Dr Mandrola: How did you go about picking the endpoints? First, I am interested in how one gets primary and secondary endpoints. What is the thinking?

Dr Sabatine: This differs from some other trials. We knew that the most important outcomes to physicians and patients would be CV death, MI, and stroke. That is how the trial was powered. We also knew that we were going into somewhat unchartered waters with really low levels of LDL-C. We know that people would be interested in looking at a variety of subgroups. As you do the subgroups, you want to make sure that they are adequately powered, given that we would be the first in these unchartered waters.

We were overpowered for the primary endpoint, which included softer outcomes for hospitalization, for unstable angina and coronary revascularization, which had looked good in older trials of statins, so we wanted to look at them as well. We powered it for the key secondary endpoint, but we also had the primary endpoint, which accrued even more events.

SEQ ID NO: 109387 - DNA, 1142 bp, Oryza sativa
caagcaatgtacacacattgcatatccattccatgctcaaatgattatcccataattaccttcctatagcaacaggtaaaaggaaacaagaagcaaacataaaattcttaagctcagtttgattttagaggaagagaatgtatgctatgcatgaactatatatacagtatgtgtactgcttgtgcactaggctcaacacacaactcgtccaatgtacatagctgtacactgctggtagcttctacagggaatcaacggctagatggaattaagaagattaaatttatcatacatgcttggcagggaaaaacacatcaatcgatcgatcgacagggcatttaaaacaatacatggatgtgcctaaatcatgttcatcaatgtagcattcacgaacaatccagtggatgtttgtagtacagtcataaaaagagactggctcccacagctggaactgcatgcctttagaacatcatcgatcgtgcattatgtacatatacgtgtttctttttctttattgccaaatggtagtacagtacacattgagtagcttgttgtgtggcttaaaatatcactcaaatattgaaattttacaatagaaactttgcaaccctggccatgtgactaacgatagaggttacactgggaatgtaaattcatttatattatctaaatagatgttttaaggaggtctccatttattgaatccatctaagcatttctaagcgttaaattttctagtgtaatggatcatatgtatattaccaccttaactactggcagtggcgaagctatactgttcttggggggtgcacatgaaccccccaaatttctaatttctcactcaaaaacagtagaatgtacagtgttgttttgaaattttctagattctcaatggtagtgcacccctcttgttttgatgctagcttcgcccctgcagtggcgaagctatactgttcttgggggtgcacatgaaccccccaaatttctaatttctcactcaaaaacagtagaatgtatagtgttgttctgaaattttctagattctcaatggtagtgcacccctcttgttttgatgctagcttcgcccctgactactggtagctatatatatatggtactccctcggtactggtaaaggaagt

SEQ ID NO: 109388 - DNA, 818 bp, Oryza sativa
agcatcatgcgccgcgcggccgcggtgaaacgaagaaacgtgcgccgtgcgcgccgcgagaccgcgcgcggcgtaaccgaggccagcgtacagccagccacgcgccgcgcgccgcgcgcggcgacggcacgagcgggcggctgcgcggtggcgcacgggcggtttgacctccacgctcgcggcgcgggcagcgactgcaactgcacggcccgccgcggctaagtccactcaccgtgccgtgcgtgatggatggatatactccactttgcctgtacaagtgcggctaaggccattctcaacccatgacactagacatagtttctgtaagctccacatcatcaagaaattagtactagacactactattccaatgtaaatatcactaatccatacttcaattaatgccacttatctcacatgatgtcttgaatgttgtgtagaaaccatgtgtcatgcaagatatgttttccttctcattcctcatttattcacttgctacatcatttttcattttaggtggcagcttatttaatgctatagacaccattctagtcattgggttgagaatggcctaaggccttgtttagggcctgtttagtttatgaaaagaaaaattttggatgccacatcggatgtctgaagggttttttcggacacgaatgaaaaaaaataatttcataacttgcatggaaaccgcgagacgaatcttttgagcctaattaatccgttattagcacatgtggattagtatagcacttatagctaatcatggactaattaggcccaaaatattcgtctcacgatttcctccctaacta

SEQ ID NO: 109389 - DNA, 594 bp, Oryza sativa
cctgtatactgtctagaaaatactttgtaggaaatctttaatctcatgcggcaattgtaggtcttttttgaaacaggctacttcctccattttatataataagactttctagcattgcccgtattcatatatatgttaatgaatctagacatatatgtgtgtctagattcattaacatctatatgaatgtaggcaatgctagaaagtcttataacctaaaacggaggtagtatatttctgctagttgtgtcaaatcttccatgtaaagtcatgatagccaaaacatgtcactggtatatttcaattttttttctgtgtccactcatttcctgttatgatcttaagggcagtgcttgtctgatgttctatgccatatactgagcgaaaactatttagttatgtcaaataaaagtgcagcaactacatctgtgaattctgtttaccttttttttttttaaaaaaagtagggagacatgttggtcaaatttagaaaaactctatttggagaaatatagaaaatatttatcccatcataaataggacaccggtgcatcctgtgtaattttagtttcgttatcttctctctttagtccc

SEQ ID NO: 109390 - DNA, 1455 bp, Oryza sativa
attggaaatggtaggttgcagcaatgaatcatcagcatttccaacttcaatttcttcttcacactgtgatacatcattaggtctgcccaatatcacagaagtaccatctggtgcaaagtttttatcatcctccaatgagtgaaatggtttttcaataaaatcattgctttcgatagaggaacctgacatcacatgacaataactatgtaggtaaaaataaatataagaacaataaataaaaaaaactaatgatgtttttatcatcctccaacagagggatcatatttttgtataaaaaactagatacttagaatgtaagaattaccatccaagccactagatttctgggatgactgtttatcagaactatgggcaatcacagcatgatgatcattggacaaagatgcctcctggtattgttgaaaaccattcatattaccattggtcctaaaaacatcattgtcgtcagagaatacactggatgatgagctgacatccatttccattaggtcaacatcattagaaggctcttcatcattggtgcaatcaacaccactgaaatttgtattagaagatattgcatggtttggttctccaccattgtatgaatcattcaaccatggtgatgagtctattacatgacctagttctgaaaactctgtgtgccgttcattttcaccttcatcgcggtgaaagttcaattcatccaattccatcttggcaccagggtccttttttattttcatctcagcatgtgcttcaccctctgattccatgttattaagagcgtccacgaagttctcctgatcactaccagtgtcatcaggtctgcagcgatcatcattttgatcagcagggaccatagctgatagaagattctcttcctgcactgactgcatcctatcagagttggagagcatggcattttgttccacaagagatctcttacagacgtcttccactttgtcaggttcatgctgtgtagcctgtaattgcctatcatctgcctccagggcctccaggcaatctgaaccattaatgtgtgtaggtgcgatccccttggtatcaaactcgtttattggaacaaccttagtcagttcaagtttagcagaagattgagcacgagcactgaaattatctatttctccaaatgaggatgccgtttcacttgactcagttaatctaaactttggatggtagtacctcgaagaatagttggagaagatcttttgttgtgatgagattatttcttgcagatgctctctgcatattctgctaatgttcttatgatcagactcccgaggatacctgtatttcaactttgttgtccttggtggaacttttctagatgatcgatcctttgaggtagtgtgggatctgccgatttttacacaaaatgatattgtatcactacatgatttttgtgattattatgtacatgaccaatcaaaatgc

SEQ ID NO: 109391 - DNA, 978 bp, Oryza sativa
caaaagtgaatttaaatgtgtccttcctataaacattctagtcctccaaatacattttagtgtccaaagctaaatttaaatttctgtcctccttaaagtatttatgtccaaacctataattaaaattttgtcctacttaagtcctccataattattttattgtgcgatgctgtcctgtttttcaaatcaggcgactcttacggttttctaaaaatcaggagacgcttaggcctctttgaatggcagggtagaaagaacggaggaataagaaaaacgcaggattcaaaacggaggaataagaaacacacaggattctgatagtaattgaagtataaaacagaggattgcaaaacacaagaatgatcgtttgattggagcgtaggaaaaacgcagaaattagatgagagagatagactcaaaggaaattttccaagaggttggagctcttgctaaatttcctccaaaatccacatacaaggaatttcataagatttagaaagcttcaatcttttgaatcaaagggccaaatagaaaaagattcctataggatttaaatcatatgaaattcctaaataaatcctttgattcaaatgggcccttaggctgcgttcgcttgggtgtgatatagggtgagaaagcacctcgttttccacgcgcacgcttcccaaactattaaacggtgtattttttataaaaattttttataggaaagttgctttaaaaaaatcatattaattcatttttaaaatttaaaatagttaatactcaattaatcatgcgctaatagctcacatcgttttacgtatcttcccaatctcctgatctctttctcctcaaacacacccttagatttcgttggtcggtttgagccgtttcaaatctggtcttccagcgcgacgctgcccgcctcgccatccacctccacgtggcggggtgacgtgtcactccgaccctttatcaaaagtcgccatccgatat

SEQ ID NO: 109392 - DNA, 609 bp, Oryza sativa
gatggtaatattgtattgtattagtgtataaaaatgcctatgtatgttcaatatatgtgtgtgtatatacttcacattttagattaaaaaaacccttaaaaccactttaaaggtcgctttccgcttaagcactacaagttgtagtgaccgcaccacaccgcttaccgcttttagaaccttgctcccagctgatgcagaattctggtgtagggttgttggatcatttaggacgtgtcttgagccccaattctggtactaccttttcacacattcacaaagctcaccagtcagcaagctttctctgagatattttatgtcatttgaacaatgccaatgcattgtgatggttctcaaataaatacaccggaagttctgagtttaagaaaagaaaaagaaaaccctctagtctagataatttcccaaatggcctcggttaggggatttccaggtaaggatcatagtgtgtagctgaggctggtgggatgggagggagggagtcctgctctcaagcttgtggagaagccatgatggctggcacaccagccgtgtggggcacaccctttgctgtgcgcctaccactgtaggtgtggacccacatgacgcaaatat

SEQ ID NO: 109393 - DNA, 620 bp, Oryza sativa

Rock-Steady LDL-C Lowering

Dr Mandrola: Tell us about how it came out.

Dr Sabatine: It came out great. The first thing is that evolocumab reduced LDL-C by 59%. Patients started with levels of 92 mg/dL (2.4 mmol/L) and evolocumab got it down to 30 mg/dL (0.78 mmol/L). The amazing part is that if you look at the interquartile range, a quarter of the patients achieved an LDL-C < 20 mg/dL (0.52 mmol/L). It is hard to imagine in our lifetime for a big trial that you have a quarter of the patients with LDLs under 20 mg/dL.

 
Most interesting was that the benefit was consistent across the quartiles of baseline LDL-C.
 

The LDL-C reduction was great, but it was also rock-steady over the duration of the trial, and this is important given other drugs in this class. There was no attenuation of effect. We have a similar paper out to 4 years, based on OSLER-1, that just came out in JAMA Cardiology online.[6]

For clinical events, evolocumab reduced the risk for the primary endpoint by 15%. It reduced the risk for the key secondary endpoint even more, a 20% risk reduction. We are very happy with that. There was a 2% absolute difference at the end of 3 years. The results were entirely consistent in all of the subgroups that we examined. In addition to the demographic subgroups, there was consistency regardless of the type of vascular disease, whether you were on high-intensity statin therapy or moderate-intensity statin therapy. I think most interesting was that the benefit was consistent across the quartiles of baseline LDL-C.

Dr Mandrola: Whether you started with a high or low LDL-C?